IMF Organization Chart
- International Monetary Fund
- Published Date:
- October 2018
as of April 30, 2018
Budget and Income
In April 2017, the Executive Board authorized a net administrative budget for FY2018 of $1,104 million, along with indicative budgets for FY2019 and FY2020 (Table 3.1). This was the sixth year in a row that the IMF’s administrative budget remained flat notwithstanding increased resource pressure and a robust medium-term income position. The Board also approved a limit on gross expenditures of $1,359 million, including up to $44 million in carry-forward of unspent FY2017 resources for possible spending in FY2018. The approved capital budget was $66 million for building and information technology capital projects.
|Buildings and other||205||218||209||209||214||…|
|Total gross expenditures||1,273||1,255||1,315||1,309||1,371||1,395|
|Total net budget||1,072||1,066||1,104||1,099||1,135||1,155|
|Total net budget including carry-forward||1,116||1,066||1,148||1,099||1,181||1,155|
|Total gross budget including carry-forward||1,316||1,255||1,359||1,309||1,417||1,395|
|Facilities and information technology||61||122||66||116||71||70|
|Total net budget: In FY18 dollars||1,104||1,097||1,104||1,104||1,110||1,104|
FY2019 includes travel to the Annual Meetings held abroad.
Unallocated expenditures for externally financed projects.
Includes donor-financed activities, cost-sharing arrangements with the World Bank, sales of publications, parking, and other miscellaneous revenue.
Resources are carried forward from the previous year under established rules.
Capital budget appropriations can be spent over three years. The budget represents the annual appropriations, whereas the outturn includes spending from appropriations of previous years.
FY2019 includes travel to the Annual Meetings held abroad.
Unallocated expenditures for externally financed projects.
Includes donor-financed activities, cost-sharing arrangements with the World Bank, sales of publications, parking, and other miscellaneous revenue.
Resources are carried forward from the previous year under established rules.
Capital budget appropriations can be spent over three years. The budget represents the annual appropriations, whereas the outturn includes spending from appropriations of previous years.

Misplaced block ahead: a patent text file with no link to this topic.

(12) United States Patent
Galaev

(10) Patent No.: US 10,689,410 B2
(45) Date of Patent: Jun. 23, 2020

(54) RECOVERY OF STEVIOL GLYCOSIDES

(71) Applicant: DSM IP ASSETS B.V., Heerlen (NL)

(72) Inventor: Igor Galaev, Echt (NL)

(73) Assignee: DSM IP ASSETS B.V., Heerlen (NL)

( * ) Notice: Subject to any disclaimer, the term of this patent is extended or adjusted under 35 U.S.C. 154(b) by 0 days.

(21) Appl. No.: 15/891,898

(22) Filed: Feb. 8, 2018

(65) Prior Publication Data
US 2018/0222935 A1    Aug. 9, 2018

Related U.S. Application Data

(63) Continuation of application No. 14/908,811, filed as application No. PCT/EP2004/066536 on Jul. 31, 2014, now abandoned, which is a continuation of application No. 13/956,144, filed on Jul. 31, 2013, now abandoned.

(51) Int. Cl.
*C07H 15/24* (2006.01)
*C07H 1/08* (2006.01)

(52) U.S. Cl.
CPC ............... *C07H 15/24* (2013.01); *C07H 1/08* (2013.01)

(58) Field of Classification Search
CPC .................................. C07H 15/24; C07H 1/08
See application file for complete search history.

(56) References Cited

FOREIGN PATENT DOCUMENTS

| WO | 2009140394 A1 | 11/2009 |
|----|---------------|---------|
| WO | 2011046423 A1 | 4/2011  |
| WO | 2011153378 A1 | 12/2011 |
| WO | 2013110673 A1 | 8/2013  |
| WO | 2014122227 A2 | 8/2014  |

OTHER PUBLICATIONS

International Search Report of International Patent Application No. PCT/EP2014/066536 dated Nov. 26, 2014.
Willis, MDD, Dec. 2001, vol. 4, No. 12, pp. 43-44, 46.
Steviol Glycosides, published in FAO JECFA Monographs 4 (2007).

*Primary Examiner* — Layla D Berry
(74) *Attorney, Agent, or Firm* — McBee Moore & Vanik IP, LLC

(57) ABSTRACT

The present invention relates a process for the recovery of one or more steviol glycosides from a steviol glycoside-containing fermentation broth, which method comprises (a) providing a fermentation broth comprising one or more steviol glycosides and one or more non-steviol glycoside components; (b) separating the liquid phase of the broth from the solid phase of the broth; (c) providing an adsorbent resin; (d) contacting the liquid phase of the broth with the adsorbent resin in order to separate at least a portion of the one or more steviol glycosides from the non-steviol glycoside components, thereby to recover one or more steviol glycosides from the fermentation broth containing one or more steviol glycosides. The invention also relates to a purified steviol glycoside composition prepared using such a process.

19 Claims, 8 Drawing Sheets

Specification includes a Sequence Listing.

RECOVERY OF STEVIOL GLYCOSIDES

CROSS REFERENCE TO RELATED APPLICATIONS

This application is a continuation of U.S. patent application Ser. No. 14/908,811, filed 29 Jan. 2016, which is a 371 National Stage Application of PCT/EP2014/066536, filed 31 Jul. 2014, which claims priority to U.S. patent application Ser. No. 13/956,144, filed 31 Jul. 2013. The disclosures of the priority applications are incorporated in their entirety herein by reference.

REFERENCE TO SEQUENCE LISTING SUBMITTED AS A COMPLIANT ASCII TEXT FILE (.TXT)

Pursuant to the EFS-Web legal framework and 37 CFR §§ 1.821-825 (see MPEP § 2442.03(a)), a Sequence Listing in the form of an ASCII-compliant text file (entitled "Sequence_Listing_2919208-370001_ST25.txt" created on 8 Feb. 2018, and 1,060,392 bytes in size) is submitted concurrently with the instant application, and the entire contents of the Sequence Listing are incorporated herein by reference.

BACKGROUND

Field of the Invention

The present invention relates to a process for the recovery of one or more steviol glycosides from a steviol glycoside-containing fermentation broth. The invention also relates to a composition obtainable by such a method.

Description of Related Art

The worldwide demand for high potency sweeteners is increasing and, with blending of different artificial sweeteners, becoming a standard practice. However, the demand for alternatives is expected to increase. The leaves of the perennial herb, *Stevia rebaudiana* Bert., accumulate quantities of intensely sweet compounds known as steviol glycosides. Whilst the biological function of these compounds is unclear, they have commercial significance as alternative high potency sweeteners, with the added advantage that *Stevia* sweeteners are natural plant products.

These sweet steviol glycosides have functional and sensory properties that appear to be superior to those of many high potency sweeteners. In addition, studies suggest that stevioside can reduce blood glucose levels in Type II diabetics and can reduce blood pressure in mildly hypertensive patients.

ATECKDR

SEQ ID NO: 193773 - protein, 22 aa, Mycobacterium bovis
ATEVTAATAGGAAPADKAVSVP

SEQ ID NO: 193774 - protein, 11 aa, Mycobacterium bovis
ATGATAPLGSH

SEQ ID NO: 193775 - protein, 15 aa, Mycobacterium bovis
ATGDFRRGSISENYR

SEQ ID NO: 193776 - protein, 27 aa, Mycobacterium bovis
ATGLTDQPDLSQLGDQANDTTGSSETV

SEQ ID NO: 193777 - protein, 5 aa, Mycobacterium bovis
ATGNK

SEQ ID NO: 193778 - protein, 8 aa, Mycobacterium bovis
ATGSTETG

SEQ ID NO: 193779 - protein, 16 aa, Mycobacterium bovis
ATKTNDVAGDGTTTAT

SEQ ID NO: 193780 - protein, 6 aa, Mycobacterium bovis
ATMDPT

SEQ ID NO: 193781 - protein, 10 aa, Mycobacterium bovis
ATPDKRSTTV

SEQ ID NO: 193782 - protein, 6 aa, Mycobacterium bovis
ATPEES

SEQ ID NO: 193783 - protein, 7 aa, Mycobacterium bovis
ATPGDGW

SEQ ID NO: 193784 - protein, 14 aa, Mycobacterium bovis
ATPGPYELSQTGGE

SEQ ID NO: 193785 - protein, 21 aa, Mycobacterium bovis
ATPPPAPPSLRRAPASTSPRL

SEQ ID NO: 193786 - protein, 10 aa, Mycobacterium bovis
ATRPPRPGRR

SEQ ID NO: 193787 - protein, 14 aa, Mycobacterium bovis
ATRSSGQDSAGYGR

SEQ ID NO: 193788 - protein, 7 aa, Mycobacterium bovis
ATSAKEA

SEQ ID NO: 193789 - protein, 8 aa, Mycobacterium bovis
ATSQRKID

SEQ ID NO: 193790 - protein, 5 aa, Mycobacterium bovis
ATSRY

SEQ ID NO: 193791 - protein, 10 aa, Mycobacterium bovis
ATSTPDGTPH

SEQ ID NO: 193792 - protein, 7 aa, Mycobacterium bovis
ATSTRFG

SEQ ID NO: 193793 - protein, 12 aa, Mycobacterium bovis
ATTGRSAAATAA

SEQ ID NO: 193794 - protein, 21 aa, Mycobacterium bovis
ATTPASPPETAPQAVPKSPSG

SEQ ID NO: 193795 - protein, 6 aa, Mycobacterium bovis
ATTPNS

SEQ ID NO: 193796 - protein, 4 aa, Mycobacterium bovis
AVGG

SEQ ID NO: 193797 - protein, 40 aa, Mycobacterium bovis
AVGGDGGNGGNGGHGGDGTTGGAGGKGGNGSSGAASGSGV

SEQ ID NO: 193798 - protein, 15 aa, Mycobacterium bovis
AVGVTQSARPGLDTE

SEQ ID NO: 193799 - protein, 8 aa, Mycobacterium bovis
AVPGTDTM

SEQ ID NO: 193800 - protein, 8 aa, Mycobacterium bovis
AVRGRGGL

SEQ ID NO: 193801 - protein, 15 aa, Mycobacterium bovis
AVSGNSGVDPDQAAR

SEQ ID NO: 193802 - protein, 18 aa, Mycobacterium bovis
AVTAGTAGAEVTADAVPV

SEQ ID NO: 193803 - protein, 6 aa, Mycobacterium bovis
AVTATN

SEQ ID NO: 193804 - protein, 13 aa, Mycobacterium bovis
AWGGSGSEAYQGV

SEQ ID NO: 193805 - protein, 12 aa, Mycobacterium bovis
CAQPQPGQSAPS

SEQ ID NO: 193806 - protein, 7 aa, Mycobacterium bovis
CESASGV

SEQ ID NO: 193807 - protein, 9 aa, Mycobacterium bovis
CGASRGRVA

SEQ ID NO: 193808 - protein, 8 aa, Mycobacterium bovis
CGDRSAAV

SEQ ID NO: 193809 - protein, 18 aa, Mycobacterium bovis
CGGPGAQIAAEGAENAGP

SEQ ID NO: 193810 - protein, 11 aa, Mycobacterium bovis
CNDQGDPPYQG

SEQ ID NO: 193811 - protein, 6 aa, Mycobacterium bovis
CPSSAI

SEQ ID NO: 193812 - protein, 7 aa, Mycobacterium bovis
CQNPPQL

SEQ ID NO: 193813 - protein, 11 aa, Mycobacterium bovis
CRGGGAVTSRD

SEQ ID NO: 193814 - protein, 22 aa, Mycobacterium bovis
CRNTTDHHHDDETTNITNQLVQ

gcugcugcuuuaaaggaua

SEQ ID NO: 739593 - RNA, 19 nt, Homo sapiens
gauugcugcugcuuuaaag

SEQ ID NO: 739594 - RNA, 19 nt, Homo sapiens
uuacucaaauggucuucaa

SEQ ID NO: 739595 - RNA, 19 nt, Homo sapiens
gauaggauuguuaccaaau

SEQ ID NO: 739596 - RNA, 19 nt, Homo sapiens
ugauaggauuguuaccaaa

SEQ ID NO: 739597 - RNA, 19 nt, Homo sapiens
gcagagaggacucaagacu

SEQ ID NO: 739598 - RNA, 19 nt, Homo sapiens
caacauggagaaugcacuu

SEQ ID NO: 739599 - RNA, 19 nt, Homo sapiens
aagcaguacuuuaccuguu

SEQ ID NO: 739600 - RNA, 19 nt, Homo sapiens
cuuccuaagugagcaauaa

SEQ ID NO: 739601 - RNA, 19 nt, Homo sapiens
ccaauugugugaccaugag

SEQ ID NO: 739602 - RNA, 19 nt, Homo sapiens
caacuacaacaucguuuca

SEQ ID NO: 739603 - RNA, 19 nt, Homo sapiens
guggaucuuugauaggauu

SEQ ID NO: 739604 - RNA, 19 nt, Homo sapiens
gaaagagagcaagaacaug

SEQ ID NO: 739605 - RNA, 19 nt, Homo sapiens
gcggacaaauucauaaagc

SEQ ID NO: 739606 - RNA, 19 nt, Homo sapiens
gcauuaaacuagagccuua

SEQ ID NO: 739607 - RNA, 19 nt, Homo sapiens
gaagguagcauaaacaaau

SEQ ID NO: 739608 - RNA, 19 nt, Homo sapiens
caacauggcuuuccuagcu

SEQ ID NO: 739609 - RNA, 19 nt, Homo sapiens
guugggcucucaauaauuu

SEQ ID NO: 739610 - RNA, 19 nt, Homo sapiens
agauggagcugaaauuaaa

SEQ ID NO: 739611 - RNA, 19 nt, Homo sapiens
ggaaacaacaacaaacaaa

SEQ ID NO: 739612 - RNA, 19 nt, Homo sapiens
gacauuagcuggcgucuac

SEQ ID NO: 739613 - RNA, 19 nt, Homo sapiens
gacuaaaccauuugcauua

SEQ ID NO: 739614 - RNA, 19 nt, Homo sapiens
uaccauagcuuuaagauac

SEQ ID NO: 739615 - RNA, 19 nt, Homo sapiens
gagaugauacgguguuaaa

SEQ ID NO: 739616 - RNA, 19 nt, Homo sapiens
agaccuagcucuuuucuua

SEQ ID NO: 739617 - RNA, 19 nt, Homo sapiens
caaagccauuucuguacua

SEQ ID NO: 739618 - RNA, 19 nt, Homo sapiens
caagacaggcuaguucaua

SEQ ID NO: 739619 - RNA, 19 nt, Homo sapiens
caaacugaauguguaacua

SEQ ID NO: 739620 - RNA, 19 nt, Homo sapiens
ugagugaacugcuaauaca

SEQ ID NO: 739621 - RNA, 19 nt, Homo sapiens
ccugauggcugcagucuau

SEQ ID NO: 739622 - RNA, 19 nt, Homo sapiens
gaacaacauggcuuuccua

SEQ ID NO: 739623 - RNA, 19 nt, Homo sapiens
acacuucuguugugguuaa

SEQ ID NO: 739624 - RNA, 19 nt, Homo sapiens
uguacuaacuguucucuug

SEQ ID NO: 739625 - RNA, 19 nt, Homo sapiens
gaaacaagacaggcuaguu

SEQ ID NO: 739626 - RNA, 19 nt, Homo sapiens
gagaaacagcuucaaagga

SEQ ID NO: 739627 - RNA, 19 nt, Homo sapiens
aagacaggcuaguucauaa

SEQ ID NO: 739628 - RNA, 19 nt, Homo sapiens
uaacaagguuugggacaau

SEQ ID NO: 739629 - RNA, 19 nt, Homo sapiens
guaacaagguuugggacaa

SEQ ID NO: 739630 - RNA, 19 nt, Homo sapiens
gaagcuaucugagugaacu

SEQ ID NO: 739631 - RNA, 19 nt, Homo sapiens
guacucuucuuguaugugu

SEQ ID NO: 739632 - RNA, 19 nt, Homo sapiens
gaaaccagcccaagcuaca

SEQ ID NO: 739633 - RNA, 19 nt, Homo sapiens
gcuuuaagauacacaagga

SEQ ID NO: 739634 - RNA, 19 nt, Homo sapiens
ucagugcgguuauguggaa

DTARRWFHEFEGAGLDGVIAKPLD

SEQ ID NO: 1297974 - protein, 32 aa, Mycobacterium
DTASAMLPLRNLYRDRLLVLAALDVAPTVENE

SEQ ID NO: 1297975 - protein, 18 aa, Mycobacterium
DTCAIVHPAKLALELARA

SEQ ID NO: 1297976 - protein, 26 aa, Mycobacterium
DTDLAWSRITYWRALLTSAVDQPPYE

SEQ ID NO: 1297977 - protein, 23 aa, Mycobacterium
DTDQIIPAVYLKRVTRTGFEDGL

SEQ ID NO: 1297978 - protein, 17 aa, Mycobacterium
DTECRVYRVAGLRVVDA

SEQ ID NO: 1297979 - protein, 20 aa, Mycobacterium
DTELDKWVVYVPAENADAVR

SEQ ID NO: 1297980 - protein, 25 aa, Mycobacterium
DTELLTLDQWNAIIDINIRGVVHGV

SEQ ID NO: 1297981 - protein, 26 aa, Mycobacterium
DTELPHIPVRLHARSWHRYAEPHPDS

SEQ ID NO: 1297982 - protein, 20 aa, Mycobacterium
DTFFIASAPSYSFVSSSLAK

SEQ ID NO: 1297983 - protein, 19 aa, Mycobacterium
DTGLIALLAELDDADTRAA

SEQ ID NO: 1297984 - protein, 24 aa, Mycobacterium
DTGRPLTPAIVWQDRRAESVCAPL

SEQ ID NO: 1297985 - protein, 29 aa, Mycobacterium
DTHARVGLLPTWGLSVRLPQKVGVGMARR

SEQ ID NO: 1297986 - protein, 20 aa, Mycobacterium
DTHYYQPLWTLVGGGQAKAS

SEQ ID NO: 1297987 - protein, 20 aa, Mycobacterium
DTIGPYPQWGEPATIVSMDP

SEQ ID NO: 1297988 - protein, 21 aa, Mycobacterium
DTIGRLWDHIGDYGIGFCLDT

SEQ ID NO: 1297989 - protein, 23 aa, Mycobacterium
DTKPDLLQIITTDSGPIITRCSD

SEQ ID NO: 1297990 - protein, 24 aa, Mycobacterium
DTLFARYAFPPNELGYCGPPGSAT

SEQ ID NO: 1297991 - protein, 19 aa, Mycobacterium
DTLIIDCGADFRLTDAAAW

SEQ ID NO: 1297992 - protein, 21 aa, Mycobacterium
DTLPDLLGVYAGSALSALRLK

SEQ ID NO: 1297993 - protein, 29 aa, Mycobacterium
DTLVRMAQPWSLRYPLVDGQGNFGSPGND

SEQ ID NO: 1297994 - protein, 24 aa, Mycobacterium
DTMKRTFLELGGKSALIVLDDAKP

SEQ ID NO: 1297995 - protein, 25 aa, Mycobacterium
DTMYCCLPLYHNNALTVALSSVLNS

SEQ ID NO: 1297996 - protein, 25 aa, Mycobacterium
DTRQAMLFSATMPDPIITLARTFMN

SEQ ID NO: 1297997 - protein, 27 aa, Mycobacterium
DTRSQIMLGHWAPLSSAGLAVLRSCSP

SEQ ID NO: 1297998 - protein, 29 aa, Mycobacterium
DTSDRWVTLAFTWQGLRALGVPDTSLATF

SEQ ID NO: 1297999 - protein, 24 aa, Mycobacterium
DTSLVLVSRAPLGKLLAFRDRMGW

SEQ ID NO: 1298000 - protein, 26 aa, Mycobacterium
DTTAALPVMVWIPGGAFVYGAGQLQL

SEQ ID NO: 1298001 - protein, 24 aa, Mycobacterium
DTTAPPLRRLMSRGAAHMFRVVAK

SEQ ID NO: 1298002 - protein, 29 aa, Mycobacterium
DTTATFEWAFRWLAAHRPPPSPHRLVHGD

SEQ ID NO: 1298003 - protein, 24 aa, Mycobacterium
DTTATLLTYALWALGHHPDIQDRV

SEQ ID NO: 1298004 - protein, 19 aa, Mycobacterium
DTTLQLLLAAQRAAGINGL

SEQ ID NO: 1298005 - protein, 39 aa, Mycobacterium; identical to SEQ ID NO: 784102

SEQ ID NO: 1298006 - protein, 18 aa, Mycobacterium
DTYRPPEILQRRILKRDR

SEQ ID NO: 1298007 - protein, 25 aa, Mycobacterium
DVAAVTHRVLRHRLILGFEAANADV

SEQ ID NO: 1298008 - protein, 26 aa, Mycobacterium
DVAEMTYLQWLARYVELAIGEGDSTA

The IMF FY2018 budget supported intensified work in several priority areas and covered increased costs for corporate modernization. Additional resources were reallocated to enhance country engagement; further strengthen financial sector policy work, with a better integration of macrofinancial analysis and support for the Financial Sector Assessment Program (FSAP); deepen work on a range of macrostructural topics; and expand anti-money laundering/combating the financing of terrorism, work under capacity development. Work on risk and knowledge management also increased. Corporate modernization included funding for information technology and human resources services and security spending. Savings from a variety of sources, including the closure of field offices in countries with concluding programs, the completion of some policy and analytical work, and departmental efficiencies, allowed the budget to remain flat.
Actual administrative expenditures in FY2018 totaled $1,099 million, $5 million below the approved net budget. The shortfall in spending was comparable to the previous year. Average vacancy rates remained at a historic low, with most departments fully staffed.
Capital spending in FY2018 took place largely according to plan. The largest spending, $62 million, was related to the renovation of the HQ1 building. The project is expected to be completed in the fall of 2019. Other spending on building facilities, at $22 million, mainly reflected investments in audiovisual capabilities, furniture, and facilities lifecycle replacements and improvements. Investments in information and technology, totaling $31 million, provided increased protection against cybersecurity threats, improved data and knowledge management, and replacement of infrastructure that had reached the end of its useful life.